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Fall's show rivals spring's bloom, as leaves turn all sorts of colors. Many people plan trips to get the best views of spectacular scenes!
Now is also the time to wind down the garden. Annual flowers are scrawny—less foliage and fewer blooms—and frankly watering them is getting old. Leaves on some of the bushes are turning color or are drying up. Fall is a good time to plant, clean up the yard, and bring in garden items that won’t survive the weather changes.
Before you put tools away, there's a little more work to do.
Now is a good time to plant perennial flowers, bushes, and trees.
Plants' roots continue to develop in warm soil. Roots store the energy needed for the next year. Planting now gives the roots time to become established in the soil before the cold freezes the ground.
Spread compost in flower beds, around bushes and other plants to feed their roots.
Empty the compost pile that you (hopefully) made last fall from tossing in last year’s garden waste. Composting plant material is a good way to make your own food for your garden. You can also purchase compost at garden centers.
Begin a new compost pile.
Rake some fallen leaves from the ground around your trees. They are a great addition to the compost. Add annuals you're not saving. Include the ball of dirt they were growing in. Cut stems short so they will break down more easily in the pile.
One last cut of the grass if needed.
Now is also a good time to add compost to the lawn or mow some of the fallen leaves into the grass.
1. Instead of putting all leaves in the compost pile, leave some in a single layer on the grass.
2. Use the highest setting of the mower blade.
3. Cut both leaves and grass.
4. Leaves should be chopped into small pieces. Chopped leaves are small enough when they almost blend into the grass. If necessary, go over the leaves and grass again until they blend in.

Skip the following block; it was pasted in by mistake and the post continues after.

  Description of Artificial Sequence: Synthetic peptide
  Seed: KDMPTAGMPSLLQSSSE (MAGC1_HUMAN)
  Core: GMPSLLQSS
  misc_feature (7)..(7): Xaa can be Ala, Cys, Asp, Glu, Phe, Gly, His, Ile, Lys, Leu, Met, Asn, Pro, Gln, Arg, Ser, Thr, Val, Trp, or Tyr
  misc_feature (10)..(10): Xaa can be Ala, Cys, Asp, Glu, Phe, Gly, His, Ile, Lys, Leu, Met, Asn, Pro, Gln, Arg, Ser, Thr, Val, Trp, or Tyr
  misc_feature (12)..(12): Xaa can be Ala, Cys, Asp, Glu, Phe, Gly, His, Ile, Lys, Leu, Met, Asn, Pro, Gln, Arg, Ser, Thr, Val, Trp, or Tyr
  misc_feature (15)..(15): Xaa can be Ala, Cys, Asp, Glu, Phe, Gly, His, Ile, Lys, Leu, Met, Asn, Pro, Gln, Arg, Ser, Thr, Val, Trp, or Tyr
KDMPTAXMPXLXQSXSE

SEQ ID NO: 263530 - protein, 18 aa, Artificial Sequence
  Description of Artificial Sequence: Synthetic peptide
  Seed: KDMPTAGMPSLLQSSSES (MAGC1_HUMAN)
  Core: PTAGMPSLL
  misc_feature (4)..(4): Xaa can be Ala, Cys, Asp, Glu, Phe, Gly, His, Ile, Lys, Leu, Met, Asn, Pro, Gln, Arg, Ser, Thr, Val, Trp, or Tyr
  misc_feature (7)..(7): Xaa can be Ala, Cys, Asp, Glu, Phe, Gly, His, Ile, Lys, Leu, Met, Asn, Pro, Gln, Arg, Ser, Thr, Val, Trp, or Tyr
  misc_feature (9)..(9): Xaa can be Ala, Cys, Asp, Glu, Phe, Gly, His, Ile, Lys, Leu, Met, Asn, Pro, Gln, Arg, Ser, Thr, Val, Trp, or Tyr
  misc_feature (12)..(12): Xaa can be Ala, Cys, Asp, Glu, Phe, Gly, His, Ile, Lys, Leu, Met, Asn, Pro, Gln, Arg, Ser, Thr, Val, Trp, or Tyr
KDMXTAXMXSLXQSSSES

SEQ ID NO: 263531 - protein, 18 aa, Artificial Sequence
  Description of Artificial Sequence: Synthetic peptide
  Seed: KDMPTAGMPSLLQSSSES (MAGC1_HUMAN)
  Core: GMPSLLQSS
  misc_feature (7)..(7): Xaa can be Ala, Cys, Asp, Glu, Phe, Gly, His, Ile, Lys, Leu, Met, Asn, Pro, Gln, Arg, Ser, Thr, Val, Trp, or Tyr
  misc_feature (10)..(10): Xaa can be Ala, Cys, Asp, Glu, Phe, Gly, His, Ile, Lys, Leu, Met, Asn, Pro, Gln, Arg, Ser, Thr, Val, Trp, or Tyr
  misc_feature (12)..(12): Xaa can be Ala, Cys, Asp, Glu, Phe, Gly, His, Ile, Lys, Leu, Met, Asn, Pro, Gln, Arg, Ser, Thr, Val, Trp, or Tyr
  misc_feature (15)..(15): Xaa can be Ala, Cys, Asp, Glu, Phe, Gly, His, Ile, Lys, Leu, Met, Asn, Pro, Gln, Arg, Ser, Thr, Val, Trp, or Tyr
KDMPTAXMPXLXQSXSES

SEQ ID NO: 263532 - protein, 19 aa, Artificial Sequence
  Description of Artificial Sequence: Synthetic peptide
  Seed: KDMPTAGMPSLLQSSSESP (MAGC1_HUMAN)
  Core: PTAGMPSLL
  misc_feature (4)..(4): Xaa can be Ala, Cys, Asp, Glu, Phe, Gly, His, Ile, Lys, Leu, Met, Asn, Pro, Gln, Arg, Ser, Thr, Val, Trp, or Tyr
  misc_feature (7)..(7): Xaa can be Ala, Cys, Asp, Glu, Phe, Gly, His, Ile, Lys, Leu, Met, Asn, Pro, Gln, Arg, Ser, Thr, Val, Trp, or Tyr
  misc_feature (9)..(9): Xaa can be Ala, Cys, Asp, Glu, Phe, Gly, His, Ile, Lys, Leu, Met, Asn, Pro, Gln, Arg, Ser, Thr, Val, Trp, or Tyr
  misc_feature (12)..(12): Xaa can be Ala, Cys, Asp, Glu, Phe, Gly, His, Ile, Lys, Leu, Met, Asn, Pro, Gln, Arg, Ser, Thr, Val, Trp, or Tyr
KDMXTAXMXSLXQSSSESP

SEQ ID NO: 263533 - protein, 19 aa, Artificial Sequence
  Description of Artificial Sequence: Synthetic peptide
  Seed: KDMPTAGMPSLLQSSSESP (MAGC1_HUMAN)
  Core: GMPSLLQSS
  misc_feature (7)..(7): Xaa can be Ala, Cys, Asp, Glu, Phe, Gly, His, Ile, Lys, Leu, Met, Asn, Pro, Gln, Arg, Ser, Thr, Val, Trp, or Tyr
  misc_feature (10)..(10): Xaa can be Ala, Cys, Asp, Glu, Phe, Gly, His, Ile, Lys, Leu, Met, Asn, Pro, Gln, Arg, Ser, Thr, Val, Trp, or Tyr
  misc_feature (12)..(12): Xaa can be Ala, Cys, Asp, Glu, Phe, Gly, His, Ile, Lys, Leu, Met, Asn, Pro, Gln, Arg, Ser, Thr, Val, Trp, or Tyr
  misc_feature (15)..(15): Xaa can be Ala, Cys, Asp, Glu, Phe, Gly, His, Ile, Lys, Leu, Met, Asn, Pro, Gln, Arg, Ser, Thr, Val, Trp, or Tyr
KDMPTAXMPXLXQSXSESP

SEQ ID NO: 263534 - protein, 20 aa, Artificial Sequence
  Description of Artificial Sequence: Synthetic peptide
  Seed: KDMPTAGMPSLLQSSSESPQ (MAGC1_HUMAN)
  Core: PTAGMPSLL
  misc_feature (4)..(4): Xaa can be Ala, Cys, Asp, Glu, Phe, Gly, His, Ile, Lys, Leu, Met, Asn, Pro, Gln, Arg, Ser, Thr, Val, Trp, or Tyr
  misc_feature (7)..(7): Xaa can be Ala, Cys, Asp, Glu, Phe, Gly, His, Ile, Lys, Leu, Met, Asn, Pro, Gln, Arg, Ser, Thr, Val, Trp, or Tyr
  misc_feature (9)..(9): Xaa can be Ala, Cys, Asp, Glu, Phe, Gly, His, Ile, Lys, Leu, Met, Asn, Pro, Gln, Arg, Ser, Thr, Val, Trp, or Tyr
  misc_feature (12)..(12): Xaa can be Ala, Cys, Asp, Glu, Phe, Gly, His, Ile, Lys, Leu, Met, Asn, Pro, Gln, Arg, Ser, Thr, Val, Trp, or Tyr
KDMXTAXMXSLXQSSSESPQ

5. Leaves will feed the grass once they decay.
Put extra mulch around perennials that have shallow roots.
Plants like Heuchera (Coral Bells) and Candytuft have roots that grow close to ground level. Their roots tend to get pushed up and out by ice particles in the soil. Mulch acts like a blanket to keep soil a little warmer.
Water the garden deeply before the first frost especially if it’s been a dry fall.
The plants' roots will have enough moisture for the dormancy period. Dormancy is when the growth cycle stops temporarily because of deeply cold temperatures. Until it warms up again give plants in your garden a good drink of water to keep them strong during winter's dormant period.
Leave plants with seeds for the birds.
Purple Coneflower, Gaura or Whirling Butterflies, Black Eyed Susan, Hyssop and Yarrow are examples of plants whose flowers become seed heads. Birds will eat the seeds in winter. Bushes with berries feed birds too.
Annuals that you want to save come in before frost.
Annuals are meant for warmer weather. Some annuals thrive as house plants. Begonias and Geraniums are usually good ones to bring in. Water them thoroughly before bringing them in the house. Insects living in the root balls will bail. Bring your annuals into the garage to continue the insect exit. Leave them there for about one week to make sure the insects are gone. You can also repot the plant.
Cold weather areas have frost and snow that wear down whatever is left outside. The freeze and thaw cycle is the cause.
Frost and snow is frozen water. Water expands when frozen taking up more space. Frozen water, that is, ice pushes surrounding material out of the way. When temperatures warm enough to melt frost and snow back into water it moves into any opening it can find no matter how small. Temperatures drop. Water freezes and expands again pushing more material out of the way. This freeze and thaw cycle causes paint to chip, promotes rust and shallow plant roots are thrust out of the ground.